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York: In Which We Had A Personal Tour Guide

IMG_2518My first time to see York was during  a 4 hour stop during 2012. I lovedIMG_2496 it and always wanted to return, so I made sure we stopped over for a few nights on our way to Edinburgh. As soon as we set our bags down in the hotel we went walking along the picture-perfect river until we found a pub for dinner. We soaked up possibly the last rays of sunshine for the rest of our European trip at the table outside as the local university crew teams rowed by.

No one could ever convince me sticky toffee pudding isn’t the best invention since sliced bread.


“This is normally where I take the big group shot. …..Want me to take a picture of you guys with your camera?”

Mom decided to have a slow, late breakfast on the cold, rainy next morning while dad and I found the meetup spot for the free walking tour I RSVP’d us for. The poor tour guide thought he would be able to go home because no one would show up – and indeed… Dad and I were his only two tourists. It worked out well for us, at least… We could always hear what the guide was saying and could ask any question at any time.

Bonus: Dad didn’t get lost when he stopped for pictures, since there were just the three of us. I think we finished a 2.5 hour tour in slightly under 2 hours, seeing as three people can move much faster than a group of 20. The guide was a history student at the local university, and was a walking encyclopedia about York and its history. (Thanks to this tour, I have a book about the Wars of the Roses on my 2015 reading list.)

We walked the old city walls, saw buildings made from the remnants of other buildings, and I almost sat in an old Roman stone coffin. (It was too wet.) My boots started leaking as my toes were cold and socks felt slightly soggy, but we learned how to tell the difference between original stone steps and Victorian-era “restorations,” which was cool. The Shambles were nearly empty due to rain… And it is difficult to not be in awe of York Minster, the largest medieval cathedral in Northern Europe.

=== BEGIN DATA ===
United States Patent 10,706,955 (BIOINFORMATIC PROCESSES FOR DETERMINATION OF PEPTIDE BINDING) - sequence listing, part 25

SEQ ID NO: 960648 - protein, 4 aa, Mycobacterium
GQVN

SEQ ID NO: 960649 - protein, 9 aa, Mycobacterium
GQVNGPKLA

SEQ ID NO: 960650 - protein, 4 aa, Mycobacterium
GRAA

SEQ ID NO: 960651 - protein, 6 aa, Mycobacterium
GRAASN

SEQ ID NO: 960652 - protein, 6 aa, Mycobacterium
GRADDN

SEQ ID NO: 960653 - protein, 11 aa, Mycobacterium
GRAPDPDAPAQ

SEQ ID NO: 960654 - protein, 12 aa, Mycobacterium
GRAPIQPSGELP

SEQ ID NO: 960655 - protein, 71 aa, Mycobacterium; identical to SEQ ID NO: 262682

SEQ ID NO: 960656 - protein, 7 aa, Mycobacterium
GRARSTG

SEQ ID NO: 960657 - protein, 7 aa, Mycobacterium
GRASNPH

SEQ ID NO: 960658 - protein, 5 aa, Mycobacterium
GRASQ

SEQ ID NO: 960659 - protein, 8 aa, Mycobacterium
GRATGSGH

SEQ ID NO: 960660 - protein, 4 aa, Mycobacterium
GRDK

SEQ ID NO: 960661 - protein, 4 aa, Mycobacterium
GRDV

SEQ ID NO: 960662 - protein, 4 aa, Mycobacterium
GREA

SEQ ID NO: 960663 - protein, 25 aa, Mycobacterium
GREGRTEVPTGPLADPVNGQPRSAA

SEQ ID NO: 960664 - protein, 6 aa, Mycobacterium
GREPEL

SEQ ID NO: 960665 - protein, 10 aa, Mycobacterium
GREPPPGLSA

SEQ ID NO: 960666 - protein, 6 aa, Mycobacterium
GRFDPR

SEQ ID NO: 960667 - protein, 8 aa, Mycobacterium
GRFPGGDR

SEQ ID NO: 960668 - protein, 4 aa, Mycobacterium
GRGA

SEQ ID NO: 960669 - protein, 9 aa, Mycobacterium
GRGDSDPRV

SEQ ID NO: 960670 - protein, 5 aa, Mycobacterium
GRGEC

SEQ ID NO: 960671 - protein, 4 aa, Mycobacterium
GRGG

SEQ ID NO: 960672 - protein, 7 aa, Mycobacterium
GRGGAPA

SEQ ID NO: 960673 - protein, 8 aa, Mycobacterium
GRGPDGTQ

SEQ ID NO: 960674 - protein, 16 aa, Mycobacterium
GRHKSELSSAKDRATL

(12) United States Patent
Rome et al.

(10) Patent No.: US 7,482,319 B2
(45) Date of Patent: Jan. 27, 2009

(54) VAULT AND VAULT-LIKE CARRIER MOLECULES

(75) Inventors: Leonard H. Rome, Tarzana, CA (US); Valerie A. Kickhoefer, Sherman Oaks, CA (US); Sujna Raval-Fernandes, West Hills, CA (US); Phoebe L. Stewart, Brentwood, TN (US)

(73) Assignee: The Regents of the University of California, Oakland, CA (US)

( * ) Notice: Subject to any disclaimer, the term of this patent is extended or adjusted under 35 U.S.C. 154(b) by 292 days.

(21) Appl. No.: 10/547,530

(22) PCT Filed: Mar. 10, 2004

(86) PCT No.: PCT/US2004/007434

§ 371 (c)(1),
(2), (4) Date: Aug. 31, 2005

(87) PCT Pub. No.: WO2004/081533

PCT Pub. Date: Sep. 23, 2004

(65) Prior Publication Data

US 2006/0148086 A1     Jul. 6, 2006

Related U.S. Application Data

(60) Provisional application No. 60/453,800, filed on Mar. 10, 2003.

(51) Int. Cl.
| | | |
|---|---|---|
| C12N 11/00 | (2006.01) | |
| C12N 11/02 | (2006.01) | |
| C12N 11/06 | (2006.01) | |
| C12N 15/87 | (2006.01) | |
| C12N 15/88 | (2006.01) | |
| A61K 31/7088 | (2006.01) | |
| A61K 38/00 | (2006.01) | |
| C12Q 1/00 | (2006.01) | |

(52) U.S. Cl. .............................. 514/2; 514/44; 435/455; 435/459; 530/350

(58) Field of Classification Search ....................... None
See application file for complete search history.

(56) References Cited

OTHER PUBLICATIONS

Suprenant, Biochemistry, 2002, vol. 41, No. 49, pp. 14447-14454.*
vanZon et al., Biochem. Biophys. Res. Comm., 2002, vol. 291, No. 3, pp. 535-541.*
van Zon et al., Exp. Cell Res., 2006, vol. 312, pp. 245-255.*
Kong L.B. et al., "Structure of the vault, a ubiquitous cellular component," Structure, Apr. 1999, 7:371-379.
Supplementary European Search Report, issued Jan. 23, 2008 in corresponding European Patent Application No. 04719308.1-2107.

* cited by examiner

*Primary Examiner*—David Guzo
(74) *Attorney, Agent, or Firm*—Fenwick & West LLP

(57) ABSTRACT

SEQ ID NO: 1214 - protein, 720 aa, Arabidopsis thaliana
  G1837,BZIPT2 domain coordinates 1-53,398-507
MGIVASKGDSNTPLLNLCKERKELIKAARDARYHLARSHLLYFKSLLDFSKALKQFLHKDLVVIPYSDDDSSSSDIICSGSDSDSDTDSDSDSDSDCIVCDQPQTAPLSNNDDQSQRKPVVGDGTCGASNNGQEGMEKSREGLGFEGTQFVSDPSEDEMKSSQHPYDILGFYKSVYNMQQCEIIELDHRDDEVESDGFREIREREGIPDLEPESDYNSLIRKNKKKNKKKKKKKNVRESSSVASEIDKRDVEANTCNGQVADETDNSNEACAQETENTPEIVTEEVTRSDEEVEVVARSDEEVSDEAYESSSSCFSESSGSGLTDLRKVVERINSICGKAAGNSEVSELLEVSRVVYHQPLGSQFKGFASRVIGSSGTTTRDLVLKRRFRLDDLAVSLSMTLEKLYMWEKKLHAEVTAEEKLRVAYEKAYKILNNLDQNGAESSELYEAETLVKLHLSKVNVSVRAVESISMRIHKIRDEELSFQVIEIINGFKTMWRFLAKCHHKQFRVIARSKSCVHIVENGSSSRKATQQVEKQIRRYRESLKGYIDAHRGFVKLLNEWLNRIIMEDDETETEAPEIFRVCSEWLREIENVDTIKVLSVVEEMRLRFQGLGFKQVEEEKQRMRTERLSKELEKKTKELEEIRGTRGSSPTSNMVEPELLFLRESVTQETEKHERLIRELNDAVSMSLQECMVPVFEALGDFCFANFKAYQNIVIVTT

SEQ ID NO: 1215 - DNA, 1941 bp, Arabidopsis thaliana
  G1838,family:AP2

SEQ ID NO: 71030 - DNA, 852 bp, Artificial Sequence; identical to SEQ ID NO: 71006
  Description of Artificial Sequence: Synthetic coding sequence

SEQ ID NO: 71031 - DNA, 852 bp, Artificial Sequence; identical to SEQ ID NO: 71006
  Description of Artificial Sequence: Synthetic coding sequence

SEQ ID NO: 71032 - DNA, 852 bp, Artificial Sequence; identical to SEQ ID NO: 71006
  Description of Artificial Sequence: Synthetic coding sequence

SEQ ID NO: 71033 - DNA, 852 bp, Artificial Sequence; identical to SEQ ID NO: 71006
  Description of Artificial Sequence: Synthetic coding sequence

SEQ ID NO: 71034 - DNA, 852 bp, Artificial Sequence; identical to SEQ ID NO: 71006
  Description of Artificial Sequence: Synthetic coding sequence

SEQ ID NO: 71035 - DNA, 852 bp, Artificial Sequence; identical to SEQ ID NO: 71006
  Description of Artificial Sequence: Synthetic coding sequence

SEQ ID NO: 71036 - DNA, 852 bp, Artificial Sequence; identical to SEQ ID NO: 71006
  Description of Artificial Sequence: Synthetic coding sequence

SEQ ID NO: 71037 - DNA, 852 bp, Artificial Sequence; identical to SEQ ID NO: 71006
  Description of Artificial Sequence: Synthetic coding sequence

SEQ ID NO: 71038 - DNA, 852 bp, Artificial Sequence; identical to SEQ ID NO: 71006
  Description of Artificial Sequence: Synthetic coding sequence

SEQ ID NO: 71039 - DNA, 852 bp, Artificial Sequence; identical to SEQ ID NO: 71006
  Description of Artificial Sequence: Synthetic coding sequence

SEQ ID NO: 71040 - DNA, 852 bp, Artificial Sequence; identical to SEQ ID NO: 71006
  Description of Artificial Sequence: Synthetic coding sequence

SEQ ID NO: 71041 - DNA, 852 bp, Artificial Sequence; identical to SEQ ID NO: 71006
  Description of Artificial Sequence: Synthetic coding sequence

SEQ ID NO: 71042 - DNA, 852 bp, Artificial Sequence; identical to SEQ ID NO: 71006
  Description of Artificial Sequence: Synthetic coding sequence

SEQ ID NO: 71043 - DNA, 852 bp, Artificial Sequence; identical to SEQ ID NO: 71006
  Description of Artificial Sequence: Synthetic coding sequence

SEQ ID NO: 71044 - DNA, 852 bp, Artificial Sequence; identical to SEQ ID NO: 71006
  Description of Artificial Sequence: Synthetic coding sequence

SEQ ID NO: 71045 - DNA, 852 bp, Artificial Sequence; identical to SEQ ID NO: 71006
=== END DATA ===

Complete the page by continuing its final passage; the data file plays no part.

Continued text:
Me and the most touristy umbrella I will ever hold. But it was cheap, and held up for the 5 days I needed it after my old one died a rusty death.

Dad and I picked up mom from the hotel (luckily, the rain had ceased and I could put on some warm, dry socks), and we went walking through the streets to look through the shops. York was the only place we almost lost mom, thanks to the yarn shop where she was helping a lady pick out a complimentary color for a scarf to be knitted. Despite the after-rain crowds, getting lost around The Shambles was fun, especially when we ran across a street market full of tents and I found my new favorite winter coat. It is a monster of a coat with a hood and I wore it every day for the rest of our trip… (And I have been wearing it back home every day the weather is under 45 degrees.)

The next morning our traveling circus was at it again, dragging all of our luggage through the York train station and stuffing it in the luggage racks on our way to Edinburgh. I wished we had time for a longer stay, but at the same time I was excited to get to Scotland.


York Minster. Breathtaking.

“We live in a wonderful world that is full of beauty, charm and adventure. There is no end to the adventures we can have if only we seek them with our eyes open.”
― Jawaharlal Nehru

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Brighton, Revisited

IMG_9359My first visit to Brighton was spent by myself. It also ended with a pretty intense sunburn (England does have sun, occasionally). This time I took my parents along with me – I knew they would enjoy the shops and the laid-back atmosphere after dragging them all over central London for a few days.

I also slapped on a tiny bit of sun screen. Just in case.


This is what our Christmas card looked like, by the way. All of their cut-out photos.

Exploring the pier turned out to be unexpectedly hilarious, because mom and dad posed behind every single cutout we found. Then mom and I hopped on a ride – I couldn’t convince either of them to get on the one that went upside down, though.

Predictably, mom was extremely happy about going in and out of all the little shops in The Lanes. We ate a late lunch at The Little Tea Shop in the Lanes, which was a place I had found on my previous trip. (Side note: I miss tea shops.) All in all, it was a very relaxing day filled with wandering around and relaxing in the little striped lounge chairs on the pier.